Marwin explained, "This piece comes from a body of work that started out as a wake-up call, to watch what we eat. It started from me being diagnosed with a sugar cane allergy. My son has it as well. It's one of those things that makes you want to ask questions.
"We are becoming a society that doesn't think anymore. We are told what to think and what to do, and my work is a response to that. Here are the facts."
Zachery Presely presents "Finding Me Another Story," two giclee prints that depict Native Americans in black and white, with colored dots printed over the main image.
His story is different, but presents another perspective.
Presely, an artist who was raised culturally as Caucasian, had a Chickasaw grandmother whom he remembers as a phenomenal storyteller and preserver of her native language.
"I often think of the dual culture that lives within me. How do I forgive a part of my culture for destroying part of the other?" he asked.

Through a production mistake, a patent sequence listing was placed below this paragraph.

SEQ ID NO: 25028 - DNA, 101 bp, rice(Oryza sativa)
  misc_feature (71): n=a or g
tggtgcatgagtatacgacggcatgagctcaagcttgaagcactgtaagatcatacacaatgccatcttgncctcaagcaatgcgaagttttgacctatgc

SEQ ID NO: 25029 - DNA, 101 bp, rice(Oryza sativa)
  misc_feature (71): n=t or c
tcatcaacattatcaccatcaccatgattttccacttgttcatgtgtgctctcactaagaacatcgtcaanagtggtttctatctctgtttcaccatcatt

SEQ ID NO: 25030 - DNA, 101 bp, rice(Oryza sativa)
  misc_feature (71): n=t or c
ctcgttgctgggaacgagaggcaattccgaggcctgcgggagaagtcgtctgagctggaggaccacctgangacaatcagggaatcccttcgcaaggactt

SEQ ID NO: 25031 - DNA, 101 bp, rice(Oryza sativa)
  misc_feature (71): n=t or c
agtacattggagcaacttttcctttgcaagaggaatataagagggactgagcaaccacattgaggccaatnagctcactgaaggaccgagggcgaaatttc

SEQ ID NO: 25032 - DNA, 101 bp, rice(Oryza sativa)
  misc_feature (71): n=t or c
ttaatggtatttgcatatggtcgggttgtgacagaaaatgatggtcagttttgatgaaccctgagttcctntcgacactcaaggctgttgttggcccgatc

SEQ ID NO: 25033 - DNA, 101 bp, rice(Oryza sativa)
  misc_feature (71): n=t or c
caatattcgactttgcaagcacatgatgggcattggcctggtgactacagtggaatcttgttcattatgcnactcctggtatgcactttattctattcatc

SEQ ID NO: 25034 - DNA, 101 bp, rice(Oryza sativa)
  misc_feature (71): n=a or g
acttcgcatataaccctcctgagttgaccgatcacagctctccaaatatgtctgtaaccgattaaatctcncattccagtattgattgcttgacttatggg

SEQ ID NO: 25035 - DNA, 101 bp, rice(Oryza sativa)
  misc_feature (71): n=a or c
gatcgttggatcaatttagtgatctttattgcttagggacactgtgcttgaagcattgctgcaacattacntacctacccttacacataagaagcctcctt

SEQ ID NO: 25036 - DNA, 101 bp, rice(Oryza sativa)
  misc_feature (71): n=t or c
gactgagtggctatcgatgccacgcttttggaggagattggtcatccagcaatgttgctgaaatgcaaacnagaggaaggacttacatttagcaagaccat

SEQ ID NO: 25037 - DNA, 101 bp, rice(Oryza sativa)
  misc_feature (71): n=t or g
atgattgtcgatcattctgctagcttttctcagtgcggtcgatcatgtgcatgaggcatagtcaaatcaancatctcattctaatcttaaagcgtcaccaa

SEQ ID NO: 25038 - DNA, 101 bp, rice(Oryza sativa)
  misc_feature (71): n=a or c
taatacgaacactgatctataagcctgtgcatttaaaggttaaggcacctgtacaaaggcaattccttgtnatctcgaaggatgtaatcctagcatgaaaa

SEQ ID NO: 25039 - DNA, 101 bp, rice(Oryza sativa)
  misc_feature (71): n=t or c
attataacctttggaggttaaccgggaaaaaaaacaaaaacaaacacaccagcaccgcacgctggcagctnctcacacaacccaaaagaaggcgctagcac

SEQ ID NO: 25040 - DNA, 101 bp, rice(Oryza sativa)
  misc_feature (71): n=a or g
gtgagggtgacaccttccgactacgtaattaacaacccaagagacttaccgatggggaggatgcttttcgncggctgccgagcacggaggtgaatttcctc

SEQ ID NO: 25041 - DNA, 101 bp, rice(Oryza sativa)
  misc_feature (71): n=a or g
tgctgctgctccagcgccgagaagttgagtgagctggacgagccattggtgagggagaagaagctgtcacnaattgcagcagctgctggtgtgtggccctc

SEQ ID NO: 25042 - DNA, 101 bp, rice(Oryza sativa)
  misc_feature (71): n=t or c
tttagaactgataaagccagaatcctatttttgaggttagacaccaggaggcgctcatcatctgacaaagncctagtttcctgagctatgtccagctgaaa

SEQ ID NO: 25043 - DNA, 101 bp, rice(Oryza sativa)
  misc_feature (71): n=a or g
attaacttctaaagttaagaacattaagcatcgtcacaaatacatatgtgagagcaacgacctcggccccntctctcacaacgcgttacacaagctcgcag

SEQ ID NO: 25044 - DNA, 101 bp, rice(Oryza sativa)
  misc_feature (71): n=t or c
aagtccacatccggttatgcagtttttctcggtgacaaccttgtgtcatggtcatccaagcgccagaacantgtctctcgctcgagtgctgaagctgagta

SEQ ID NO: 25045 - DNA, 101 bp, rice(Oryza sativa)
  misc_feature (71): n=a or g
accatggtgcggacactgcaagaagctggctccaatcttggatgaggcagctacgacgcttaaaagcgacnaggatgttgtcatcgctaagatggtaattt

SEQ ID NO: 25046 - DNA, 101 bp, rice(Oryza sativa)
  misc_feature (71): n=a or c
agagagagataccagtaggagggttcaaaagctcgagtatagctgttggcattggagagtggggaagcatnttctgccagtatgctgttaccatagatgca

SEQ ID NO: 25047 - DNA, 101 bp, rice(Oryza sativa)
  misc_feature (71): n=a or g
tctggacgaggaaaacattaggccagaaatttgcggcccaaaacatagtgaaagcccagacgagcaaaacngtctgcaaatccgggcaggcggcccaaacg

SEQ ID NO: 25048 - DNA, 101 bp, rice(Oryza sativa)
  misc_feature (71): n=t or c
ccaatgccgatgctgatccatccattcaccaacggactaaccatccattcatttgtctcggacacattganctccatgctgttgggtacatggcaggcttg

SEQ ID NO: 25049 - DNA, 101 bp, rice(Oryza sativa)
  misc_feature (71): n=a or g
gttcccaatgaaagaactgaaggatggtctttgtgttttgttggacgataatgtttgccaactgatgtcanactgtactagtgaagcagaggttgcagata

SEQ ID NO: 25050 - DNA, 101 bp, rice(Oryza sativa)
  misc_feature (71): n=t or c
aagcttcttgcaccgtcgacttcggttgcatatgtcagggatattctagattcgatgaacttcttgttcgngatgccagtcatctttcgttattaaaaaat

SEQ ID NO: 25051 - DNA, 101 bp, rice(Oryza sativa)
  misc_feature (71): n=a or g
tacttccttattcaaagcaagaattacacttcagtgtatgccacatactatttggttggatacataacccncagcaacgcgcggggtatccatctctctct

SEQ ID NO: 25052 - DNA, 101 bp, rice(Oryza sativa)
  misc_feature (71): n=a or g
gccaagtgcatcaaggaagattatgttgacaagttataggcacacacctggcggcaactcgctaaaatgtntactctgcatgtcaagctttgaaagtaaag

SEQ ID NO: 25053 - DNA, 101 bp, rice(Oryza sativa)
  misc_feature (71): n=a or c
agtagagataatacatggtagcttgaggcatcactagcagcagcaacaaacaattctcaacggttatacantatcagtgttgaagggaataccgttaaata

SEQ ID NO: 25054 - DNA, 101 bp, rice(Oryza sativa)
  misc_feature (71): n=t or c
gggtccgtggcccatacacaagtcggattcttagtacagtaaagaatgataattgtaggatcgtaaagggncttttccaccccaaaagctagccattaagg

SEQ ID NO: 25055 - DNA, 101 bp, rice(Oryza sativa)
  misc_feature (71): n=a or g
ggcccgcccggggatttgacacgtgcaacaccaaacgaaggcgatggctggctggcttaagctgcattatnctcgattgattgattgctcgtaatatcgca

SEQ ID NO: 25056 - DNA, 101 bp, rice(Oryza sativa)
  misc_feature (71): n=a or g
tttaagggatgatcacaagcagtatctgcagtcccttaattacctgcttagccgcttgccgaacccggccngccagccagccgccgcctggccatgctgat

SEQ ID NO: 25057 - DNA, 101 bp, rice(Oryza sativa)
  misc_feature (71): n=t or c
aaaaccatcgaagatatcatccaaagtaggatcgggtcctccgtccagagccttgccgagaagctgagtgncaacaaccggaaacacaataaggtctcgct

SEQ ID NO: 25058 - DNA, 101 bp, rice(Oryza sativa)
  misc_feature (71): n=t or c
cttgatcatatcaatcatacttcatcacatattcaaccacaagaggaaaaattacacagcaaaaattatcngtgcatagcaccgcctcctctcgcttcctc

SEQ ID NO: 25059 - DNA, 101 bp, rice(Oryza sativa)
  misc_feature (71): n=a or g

That's a toughie, but creating something new is part of dealing with these unresolved questions.
"Indian Car" by Shan Goshorn is a digital print that shows four Native American men through the rear window of an SUV. All the men turn to face the camera. They are painted a vibrant shade of red all over their bodies. This is accented with decorative black paint on the face, and Native dress.
The image is haunting.
Goshorn said about the show, "This is not a reaction to the Centennial. These are all new works that give another point of view regarding the last 100 years of statehood. Many issues are covered. You'll see the land run, alcoholism, Indian identity, repatriation and sovereignty issues. It's all covered and it's an incredible show."
Agreed. There is a professional quality to the work. The exhibit shows a collection of different viewpoints, yet the pieces compliment each other successfully.